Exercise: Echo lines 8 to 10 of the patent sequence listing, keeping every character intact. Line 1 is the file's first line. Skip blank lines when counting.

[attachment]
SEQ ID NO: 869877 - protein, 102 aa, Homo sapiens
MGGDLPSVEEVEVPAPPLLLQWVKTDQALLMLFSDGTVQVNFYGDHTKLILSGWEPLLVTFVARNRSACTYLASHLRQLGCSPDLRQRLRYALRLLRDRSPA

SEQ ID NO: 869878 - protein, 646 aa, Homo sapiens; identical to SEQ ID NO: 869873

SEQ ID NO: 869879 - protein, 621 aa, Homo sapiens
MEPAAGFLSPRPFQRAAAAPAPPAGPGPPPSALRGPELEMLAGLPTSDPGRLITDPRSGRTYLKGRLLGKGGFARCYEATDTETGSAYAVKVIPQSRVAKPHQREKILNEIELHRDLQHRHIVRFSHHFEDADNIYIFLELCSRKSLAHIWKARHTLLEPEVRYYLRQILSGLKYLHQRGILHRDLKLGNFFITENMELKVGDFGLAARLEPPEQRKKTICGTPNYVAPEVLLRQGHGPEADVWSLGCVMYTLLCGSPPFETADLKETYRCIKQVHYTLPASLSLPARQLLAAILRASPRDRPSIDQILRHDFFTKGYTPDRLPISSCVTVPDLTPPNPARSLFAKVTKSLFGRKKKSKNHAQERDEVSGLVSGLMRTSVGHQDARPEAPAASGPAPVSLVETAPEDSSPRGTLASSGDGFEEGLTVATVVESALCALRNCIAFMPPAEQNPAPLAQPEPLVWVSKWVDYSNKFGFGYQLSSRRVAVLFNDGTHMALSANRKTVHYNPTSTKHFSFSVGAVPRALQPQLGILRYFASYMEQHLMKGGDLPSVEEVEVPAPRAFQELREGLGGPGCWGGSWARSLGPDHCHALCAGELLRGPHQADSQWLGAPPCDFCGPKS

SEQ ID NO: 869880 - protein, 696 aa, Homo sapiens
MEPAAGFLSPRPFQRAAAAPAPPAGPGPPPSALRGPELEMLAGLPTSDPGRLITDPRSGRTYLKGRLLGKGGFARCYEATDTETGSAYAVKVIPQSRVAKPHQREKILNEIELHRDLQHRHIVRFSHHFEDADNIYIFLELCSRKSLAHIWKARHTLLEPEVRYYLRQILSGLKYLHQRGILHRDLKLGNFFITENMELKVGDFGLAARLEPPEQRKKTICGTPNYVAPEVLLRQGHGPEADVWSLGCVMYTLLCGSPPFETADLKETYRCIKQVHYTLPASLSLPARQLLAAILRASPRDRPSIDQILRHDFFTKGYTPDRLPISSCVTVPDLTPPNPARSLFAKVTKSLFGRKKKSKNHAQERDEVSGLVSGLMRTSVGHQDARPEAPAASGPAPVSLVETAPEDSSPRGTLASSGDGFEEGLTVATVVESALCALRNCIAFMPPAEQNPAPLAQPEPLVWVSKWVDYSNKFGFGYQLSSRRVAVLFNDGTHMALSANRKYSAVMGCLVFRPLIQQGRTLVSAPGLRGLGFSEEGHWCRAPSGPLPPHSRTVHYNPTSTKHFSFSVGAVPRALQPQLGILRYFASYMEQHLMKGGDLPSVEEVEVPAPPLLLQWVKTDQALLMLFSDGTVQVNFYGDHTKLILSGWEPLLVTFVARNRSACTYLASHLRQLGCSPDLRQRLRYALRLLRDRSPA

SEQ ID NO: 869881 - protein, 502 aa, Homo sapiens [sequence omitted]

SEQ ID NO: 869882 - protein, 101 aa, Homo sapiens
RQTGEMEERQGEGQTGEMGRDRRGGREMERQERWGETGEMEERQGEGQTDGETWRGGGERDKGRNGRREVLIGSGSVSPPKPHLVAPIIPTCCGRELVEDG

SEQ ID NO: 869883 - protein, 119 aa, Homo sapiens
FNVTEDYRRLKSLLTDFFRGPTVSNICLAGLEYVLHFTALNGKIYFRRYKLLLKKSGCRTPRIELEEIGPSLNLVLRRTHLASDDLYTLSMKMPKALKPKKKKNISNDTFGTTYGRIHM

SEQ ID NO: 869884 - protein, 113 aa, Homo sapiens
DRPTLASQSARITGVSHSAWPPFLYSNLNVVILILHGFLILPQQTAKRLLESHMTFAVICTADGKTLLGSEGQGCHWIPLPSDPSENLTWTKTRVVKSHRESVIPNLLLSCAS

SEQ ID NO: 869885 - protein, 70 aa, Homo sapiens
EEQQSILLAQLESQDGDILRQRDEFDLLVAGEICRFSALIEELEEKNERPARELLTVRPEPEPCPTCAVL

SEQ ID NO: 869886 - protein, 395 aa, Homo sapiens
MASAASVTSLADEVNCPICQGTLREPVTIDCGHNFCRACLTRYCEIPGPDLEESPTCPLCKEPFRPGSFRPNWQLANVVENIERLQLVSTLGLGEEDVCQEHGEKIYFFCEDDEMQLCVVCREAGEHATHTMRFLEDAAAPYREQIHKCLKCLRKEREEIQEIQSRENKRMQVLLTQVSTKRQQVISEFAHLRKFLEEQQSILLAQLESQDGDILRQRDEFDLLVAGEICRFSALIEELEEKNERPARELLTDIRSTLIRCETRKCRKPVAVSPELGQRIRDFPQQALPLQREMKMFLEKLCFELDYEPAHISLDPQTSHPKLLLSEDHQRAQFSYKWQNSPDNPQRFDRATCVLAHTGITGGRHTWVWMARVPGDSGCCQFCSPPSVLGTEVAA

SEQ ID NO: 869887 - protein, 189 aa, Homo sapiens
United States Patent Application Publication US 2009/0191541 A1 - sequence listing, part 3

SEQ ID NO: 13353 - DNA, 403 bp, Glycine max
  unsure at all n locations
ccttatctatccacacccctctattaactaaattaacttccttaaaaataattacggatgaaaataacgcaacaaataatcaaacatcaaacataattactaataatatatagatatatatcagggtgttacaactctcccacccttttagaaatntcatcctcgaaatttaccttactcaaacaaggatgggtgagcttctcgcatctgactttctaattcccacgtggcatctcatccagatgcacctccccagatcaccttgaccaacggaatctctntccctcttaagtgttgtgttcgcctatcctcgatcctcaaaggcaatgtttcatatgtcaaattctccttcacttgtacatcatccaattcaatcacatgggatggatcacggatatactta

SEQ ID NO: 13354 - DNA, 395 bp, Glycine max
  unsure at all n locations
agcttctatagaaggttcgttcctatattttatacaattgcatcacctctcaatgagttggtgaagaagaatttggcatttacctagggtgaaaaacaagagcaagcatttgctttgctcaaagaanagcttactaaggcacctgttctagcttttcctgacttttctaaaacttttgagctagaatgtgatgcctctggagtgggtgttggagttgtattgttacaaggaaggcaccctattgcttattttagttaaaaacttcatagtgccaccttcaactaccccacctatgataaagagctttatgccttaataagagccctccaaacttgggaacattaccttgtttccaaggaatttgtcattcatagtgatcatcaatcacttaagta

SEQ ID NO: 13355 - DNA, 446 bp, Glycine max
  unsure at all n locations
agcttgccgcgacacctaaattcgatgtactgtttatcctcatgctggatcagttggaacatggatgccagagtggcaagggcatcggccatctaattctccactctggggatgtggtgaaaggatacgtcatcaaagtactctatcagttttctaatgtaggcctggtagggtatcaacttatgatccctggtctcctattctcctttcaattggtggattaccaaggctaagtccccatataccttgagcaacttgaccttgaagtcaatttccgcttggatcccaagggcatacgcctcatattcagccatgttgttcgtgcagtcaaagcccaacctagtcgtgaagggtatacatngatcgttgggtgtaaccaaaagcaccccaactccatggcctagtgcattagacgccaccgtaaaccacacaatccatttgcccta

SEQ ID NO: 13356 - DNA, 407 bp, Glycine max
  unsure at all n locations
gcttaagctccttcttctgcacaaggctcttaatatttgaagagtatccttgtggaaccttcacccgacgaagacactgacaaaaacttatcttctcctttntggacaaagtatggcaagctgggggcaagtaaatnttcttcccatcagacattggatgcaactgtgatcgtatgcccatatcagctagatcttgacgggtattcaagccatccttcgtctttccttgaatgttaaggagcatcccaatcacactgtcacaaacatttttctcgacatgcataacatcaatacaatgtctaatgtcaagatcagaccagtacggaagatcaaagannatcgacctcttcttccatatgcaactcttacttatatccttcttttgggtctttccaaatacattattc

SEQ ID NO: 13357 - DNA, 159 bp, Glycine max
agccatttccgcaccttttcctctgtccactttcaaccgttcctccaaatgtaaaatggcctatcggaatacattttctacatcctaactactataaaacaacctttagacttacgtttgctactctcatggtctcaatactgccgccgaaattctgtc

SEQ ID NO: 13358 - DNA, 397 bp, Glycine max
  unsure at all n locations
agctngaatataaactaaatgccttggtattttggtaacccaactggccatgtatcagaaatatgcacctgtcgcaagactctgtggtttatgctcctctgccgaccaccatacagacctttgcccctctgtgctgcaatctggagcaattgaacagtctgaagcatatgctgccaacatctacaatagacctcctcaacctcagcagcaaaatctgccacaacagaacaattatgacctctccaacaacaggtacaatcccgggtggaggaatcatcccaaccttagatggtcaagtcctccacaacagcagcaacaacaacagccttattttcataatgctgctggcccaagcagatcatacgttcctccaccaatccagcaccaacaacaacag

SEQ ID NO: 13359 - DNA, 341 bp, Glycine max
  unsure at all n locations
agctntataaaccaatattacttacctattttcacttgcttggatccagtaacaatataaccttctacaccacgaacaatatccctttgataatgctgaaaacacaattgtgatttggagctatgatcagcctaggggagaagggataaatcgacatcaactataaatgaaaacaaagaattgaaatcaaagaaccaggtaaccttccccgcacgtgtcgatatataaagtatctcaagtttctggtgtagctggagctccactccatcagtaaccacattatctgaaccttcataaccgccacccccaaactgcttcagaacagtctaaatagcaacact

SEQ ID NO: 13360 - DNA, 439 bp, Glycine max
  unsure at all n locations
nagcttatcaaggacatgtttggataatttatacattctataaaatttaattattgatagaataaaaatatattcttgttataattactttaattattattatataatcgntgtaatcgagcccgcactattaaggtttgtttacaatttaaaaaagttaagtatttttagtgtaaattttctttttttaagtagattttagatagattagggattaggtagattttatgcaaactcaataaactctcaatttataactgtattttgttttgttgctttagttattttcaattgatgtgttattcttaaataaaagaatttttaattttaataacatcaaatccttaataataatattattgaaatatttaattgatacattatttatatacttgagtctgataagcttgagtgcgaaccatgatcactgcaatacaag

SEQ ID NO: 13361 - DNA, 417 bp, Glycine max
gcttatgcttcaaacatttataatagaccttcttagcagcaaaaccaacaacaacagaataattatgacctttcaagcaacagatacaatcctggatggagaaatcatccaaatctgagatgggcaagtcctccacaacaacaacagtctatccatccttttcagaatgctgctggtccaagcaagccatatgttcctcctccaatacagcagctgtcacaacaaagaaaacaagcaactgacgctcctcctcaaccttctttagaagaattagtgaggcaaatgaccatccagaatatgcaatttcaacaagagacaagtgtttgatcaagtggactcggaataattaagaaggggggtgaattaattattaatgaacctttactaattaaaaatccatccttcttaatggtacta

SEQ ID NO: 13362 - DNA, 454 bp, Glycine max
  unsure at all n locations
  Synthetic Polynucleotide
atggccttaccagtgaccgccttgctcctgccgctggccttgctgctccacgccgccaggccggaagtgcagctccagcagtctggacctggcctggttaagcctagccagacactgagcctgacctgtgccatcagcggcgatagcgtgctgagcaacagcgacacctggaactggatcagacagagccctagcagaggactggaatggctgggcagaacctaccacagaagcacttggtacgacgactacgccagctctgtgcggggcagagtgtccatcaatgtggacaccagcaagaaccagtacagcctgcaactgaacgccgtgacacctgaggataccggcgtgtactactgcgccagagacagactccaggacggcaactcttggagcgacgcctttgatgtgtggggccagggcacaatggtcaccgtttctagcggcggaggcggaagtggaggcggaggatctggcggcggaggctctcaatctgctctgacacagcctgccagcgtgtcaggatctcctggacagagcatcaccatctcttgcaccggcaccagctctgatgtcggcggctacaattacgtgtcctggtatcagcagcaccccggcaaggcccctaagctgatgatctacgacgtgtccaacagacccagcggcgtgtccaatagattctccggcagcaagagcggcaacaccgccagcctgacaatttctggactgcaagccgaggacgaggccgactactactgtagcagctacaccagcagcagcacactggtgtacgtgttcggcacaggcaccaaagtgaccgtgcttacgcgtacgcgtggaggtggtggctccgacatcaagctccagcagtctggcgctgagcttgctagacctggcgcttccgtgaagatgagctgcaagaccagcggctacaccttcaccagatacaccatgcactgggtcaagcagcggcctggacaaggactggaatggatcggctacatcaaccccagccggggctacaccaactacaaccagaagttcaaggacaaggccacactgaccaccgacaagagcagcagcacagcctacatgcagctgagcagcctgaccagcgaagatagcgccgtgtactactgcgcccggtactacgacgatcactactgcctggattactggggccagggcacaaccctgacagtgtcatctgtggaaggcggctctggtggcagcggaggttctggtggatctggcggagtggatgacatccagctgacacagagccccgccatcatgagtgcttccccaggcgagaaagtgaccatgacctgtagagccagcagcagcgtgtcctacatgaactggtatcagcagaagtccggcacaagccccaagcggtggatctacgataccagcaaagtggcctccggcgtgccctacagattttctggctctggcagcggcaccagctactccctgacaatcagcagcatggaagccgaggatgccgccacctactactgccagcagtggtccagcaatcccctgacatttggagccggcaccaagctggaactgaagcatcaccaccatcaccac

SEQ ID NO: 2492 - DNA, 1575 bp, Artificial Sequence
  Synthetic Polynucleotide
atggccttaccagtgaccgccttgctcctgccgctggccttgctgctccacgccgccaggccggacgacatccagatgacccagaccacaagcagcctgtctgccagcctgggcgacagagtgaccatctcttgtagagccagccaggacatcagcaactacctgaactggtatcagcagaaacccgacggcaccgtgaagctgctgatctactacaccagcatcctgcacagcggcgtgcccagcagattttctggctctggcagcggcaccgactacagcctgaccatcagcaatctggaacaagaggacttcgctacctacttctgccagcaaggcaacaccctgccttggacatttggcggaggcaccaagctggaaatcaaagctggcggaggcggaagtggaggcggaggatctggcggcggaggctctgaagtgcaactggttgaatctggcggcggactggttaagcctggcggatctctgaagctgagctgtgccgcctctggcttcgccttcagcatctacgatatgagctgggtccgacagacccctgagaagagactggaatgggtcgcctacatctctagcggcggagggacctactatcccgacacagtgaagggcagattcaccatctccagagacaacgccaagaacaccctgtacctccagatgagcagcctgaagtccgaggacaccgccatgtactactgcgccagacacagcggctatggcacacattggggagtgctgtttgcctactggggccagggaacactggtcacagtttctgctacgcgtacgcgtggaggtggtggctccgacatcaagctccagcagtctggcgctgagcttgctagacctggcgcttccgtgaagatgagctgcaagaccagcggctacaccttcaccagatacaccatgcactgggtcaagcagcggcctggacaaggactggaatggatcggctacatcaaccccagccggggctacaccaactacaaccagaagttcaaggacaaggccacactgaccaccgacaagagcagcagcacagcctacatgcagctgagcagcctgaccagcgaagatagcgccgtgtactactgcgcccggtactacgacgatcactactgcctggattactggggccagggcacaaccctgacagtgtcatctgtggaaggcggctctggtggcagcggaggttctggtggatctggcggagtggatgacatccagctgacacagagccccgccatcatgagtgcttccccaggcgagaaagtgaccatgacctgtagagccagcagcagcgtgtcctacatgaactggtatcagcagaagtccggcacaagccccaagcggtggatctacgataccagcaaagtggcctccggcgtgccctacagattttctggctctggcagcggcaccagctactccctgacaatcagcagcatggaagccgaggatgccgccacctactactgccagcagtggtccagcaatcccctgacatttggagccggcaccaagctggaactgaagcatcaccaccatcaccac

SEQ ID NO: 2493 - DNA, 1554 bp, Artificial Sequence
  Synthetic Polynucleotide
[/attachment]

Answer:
SEQ ID NO: 869881 - protein, 502 aa, Homo sapiens [sequence omitted]

SEQ ID NO: 869882 - protein, 101 aa, Homo sapiens
RQTGEMEERQGEGQTGEMGRDRRGGREMERQERWGETGEMEERQGEGQTDGETWRGGGERDKGRNGRREVLIGSGSVSPPKPHLVAPIIPTCCGRELVEDG